Google expanded access to private search and data deletion tools across Maps, Assistant and YouTube, as part of an ongoing effort to quell consumer fears about data collection.
Maps users will be able to activate Incognito Mode, a tool which prevents activity from being saved to a user’s Google account. Google noted in a blog post the feature, which launched on its Chrome browser in 2008 and YouTube earlier this year, is one of its “most popular privacy controls”.
The company also extended features which allow users to erase their activity history. For instance, YouTube users will now be able to set their browsing data to automatically delete after a certain time period.
Consumers can also use new voice controls to ask Assistant to completely erase up to a week’s worth of interaction data. If they ask to delete more than that, though, users will be prompted to confirm the move in their account settings.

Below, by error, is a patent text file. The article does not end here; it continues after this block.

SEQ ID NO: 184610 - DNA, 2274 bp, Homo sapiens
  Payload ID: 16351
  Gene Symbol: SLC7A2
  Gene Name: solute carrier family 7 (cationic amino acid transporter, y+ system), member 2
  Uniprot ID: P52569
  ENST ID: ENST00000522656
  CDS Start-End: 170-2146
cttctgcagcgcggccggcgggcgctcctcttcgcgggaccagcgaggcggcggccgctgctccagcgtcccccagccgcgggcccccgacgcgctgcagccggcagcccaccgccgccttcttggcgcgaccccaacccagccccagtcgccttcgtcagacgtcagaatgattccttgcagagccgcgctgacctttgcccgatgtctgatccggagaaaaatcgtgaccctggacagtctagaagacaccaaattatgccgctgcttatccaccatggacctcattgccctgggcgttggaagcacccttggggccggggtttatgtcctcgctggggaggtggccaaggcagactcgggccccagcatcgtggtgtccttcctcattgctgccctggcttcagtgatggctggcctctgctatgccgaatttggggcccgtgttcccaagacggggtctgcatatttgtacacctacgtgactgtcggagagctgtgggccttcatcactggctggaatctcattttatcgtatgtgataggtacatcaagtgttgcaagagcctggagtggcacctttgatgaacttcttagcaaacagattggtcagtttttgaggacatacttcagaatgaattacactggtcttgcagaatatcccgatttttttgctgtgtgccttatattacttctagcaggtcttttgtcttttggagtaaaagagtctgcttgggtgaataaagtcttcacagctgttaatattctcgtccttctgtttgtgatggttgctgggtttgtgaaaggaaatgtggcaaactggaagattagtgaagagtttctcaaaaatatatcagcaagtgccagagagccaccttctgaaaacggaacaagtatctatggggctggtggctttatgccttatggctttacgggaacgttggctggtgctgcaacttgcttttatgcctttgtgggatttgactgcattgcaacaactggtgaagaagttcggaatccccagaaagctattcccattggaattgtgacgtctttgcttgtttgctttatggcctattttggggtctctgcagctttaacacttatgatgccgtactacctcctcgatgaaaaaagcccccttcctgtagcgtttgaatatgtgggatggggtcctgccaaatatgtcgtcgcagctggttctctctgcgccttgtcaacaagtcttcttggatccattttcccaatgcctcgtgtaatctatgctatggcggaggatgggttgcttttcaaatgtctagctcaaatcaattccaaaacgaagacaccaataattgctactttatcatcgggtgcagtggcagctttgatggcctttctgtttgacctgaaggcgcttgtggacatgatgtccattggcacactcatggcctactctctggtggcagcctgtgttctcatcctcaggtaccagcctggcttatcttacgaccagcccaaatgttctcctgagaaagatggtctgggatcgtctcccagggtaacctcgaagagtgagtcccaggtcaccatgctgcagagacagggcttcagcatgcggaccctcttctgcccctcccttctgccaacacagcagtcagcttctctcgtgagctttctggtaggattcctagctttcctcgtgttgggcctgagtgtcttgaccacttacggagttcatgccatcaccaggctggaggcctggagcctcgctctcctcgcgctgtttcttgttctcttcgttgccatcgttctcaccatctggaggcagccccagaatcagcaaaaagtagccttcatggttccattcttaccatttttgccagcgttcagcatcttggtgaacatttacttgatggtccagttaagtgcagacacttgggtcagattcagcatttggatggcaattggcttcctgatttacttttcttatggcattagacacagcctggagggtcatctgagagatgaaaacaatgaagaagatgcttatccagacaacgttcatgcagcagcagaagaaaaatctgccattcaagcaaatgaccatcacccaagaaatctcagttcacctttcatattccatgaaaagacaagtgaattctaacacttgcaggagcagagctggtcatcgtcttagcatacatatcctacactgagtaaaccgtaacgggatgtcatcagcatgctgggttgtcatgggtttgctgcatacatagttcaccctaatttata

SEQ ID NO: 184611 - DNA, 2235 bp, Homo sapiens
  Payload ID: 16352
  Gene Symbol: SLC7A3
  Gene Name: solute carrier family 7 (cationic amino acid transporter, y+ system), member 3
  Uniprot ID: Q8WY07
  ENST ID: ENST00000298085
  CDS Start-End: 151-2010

Google’s focus on privacy comes as technology giants face increased scrutiny of their data practices.
“As technology evolves, so do people’s expectations for security and privacy,” Google data protection officer Eric Miraglia wrote in a blog post. He added: “Making these controls consistent across our core products will help them become more familiar, and we hope, even easier to use.”
Incognito Mode will roll out to Maps users on Android this month, with an iOS update following “soon”. The new Assistant controls will roll out in English next week and in all other supported languages next month.